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Examining Everspin's MRAM technology

Posted: 13 Jul 2012 ?? ?Print Version ?Bookmark and Share

Keywords:MRAM? non-volatile memory? Solid state drives? Magnetic Tunnel Junction?

Consumers continue to long for the promise of speed in our electronic gadget startup times. Solid state drives (SSDs) that have been introduced to the market have taken a serious bite out of the wait time involved for a device to go from zero to ready. SSDs currently rely on non-volatile memory (NVM) in the form of flash and, although an order of magnitude faster than conventional hard drives, these drives still incur a noticeable wait time on startup. The use of flash in these drives highlights how read times for flash memory still pale when compared to ROM or DRAM.

In the mid 2000s, magnetoresistive random-access memory, or MRAM, emerged as a promising new NVM technology with high reliability, near infinite lifetime, low power consumption, large operating temperature range and, perhaps most importantly, fast read times comparable to DRAM. Several companies are engaged in research into the technology with the hope of producing a competitive NVM to rival other memory types in density and speeds. Everspin has emerged as one of the first companies to produce an MRAM product that has found commercial acceptance.

Magnetic Tunnel Junction (MTJ) is the key element to store information in MRAM. Conventional MTJ consists of two ferromagnetic layers separated by a thin tunnel dielectric. Information is stored as directions of magnetization vectors in the magnetic layers. The magnetic vector in one layer is magnetically fixed or pinned, while the magnetization of the other layer is free to switch between the same and the opposite directions that are called "parallel" and "antiparallel" states, respectively. When a small bias voltage is applied between the fixed and free layers, a tunneling current then flows through the thin intervening dielectric layer. In response to parallel and antiparallel states, the magnetic memory element represents two different resistances. Accordingly, a detection of change in resistance allows MRAM to provide information stored in the magnetic memory element.

Figure 1: X-Ray of the Everspin MRAM package.

The MTJ structure is integrated into the interconnect portion of an otherwise typical CMOS integrated circuit. During write operation, the selected MTJ is situated between the selected write wordline and selected write bitline. Currents forced in the selected word and bit write lines create magnetic fields in the vicinity of these wires. The vector sum of the fields at the selected MTJ must be sufficient to switch its state. However, the field generated by the selected word or bit write line alone must be small enough that it never switches the state of the so-called half selected MTJs that lie along the selected word and bit write lines.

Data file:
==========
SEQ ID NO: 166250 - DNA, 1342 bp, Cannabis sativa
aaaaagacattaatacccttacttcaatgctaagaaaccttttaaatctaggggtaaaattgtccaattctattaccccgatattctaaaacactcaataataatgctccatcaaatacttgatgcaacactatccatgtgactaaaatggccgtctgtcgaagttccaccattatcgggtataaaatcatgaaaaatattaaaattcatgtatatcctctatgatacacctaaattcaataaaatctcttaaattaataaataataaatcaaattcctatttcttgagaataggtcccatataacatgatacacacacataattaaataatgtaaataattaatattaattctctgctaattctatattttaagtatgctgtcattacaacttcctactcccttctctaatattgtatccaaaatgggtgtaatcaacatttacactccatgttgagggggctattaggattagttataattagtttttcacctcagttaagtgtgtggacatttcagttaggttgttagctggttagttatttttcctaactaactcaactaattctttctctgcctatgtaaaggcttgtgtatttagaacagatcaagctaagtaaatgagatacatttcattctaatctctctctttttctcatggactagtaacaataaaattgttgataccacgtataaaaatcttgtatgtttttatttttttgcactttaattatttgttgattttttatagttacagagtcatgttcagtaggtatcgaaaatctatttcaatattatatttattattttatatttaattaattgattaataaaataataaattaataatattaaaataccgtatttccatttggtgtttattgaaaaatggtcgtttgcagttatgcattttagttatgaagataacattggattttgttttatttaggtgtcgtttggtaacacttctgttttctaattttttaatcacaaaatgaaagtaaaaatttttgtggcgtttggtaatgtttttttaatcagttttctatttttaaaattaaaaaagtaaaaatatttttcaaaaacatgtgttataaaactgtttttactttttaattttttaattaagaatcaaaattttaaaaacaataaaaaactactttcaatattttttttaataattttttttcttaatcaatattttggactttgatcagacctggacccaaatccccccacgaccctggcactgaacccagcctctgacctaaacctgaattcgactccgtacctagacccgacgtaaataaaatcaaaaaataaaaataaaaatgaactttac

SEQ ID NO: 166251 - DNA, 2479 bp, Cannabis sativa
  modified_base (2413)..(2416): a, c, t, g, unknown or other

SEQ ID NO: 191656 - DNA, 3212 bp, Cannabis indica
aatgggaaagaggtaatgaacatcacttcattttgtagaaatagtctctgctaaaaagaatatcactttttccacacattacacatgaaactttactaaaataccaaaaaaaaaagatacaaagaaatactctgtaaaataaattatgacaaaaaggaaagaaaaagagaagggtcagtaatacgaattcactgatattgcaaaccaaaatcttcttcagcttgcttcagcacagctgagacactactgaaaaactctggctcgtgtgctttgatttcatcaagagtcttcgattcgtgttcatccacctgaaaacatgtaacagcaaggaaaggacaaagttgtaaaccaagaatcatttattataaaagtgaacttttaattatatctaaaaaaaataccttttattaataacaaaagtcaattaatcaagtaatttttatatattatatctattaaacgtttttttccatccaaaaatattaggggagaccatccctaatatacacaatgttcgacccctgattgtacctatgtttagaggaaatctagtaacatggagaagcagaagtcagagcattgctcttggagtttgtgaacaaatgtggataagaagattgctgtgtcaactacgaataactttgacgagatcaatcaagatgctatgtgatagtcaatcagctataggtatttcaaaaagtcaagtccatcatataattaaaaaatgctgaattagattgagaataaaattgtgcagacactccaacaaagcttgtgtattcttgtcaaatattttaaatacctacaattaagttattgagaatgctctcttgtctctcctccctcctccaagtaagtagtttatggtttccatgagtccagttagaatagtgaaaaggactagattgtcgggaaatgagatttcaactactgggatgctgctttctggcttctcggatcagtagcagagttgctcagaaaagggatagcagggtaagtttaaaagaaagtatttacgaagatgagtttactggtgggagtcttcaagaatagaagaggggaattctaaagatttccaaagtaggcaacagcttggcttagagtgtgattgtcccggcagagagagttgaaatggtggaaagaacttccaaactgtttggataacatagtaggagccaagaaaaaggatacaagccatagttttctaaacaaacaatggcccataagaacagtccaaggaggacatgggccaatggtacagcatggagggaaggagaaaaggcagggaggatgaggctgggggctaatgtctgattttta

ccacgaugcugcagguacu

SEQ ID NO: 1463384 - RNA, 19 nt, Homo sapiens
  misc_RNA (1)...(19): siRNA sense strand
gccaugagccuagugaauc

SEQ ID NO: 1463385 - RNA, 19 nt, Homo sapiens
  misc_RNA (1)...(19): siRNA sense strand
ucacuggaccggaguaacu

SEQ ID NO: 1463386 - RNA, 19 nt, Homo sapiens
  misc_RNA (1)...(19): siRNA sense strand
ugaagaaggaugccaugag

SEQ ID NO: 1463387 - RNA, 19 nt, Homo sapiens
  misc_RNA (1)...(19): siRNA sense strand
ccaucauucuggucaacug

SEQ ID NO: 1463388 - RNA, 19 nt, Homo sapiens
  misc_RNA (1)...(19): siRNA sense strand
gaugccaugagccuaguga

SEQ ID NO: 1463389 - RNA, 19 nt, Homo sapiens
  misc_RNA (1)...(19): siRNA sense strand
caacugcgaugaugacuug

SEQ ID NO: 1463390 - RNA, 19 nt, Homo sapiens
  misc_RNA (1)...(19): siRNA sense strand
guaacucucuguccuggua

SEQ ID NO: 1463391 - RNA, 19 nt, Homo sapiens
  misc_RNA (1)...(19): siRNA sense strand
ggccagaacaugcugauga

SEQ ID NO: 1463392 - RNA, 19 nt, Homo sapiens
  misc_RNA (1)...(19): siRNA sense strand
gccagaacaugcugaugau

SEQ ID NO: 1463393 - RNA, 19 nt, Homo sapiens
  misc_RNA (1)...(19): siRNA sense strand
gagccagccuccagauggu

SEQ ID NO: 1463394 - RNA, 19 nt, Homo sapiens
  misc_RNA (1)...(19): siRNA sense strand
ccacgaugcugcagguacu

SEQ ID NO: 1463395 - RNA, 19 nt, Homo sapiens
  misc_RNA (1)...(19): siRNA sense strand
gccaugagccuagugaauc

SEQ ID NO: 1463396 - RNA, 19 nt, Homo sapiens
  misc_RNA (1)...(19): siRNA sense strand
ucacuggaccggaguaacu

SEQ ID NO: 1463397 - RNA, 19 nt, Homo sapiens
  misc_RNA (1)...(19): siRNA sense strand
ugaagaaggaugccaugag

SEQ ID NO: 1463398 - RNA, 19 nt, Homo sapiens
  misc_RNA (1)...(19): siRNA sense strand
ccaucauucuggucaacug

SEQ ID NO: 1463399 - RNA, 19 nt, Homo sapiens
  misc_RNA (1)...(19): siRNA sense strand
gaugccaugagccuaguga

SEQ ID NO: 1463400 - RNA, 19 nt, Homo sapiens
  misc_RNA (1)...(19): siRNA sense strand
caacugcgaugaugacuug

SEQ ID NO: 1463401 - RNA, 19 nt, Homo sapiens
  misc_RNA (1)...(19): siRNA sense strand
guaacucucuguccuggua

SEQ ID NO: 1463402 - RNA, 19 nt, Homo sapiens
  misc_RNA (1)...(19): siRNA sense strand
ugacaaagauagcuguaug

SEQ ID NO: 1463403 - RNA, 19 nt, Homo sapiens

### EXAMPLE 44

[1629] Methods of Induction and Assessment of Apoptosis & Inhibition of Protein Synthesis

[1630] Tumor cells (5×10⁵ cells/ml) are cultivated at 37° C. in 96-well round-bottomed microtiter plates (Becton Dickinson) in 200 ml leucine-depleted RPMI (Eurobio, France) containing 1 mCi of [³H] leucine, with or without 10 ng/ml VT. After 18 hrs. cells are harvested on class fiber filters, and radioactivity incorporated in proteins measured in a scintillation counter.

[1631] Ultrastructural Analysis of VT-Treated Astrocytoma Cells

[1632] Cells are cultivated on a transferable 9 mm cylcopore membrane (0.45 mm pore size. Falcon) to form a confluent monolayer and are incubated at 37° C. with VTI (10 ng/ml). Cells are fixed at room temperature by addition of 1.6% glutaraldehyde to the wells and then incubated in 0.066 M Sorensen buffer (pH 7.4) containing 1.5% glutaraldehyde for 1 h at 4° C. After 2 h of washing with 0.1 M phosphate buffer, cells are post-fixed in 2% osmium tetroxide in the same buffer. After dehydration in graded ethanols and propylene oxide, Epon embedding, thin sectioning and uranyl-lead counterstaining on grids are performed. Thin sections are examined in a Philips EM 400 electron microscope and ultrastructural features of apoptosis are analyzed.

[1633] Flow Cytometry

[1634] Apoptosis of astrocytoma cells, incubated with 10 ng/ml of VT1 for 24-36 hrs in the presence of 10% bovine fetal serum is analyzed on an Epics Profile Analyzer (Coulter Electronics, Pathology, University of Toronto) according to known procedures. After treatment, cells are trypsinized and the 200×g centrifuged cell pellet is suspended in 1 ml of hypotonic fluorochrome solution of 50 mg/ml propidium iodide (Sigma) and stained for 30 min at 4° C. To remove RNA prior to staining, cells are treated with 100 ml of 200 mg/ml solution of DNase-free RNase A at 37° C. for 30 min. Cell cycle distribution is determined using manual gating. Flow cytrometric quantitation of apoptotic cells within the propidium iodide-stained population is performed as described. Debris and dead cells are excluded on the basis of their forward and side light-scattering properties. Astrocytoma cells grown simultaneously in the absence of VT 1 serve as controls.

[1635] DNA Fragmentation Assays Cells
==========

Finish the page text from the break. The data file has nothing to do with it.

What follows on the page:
In 2006, UBM TechInsights analyzed a Freescale MRAM device that had a die size of about 26 mm2 and a density of 4 megabits (Mb). Compared to other NVM technologies, the die efficiency seemed low due to an architecture requiring rather large overheads. Today, Everspin Technologies (a company with its roots in Freescale) is the manufacturer of a 16 Mb MRAM device with a die size of only about 58 mm2, in effect quadrupling the density while only doubling the die size. An obvious method for increasing the density is through process shrink.

After opening up the 16 Mb package, however, it quickly became apparent that the increase in density is not through an advanced process node; both the 16Mb and the 4 Mb devices share a majority of lithographic processes and more specifically the same cell size. It is likely that a smaller process would lead to the half-select issues described above. Instead, Everspin redesigned the architecture and eliminated one of the backend interconnect layers, relying on improved overhead circuitry to minimize the real estate required to write, read and erase data.

Figure 2: Die Photo of the Everspin MRAM.

Everspin claimed a 300 percent increase in MRAM shipments in 2011, citing 250 new design wins, including companies such as Dell, LSI and BMW. Spin-torque, the next generation technology for MRAM, promises even faster read/write cycles with improved densities. Is it possible that MRAM could one day replace flash for use in SSDs and reduce the boot up time even less? We'll know soon enough, as the SSD market grows exponentially, so will the demand for a faster memory.

- Mark Chambers
??Senior Process Analyst
??UBM TechInsights





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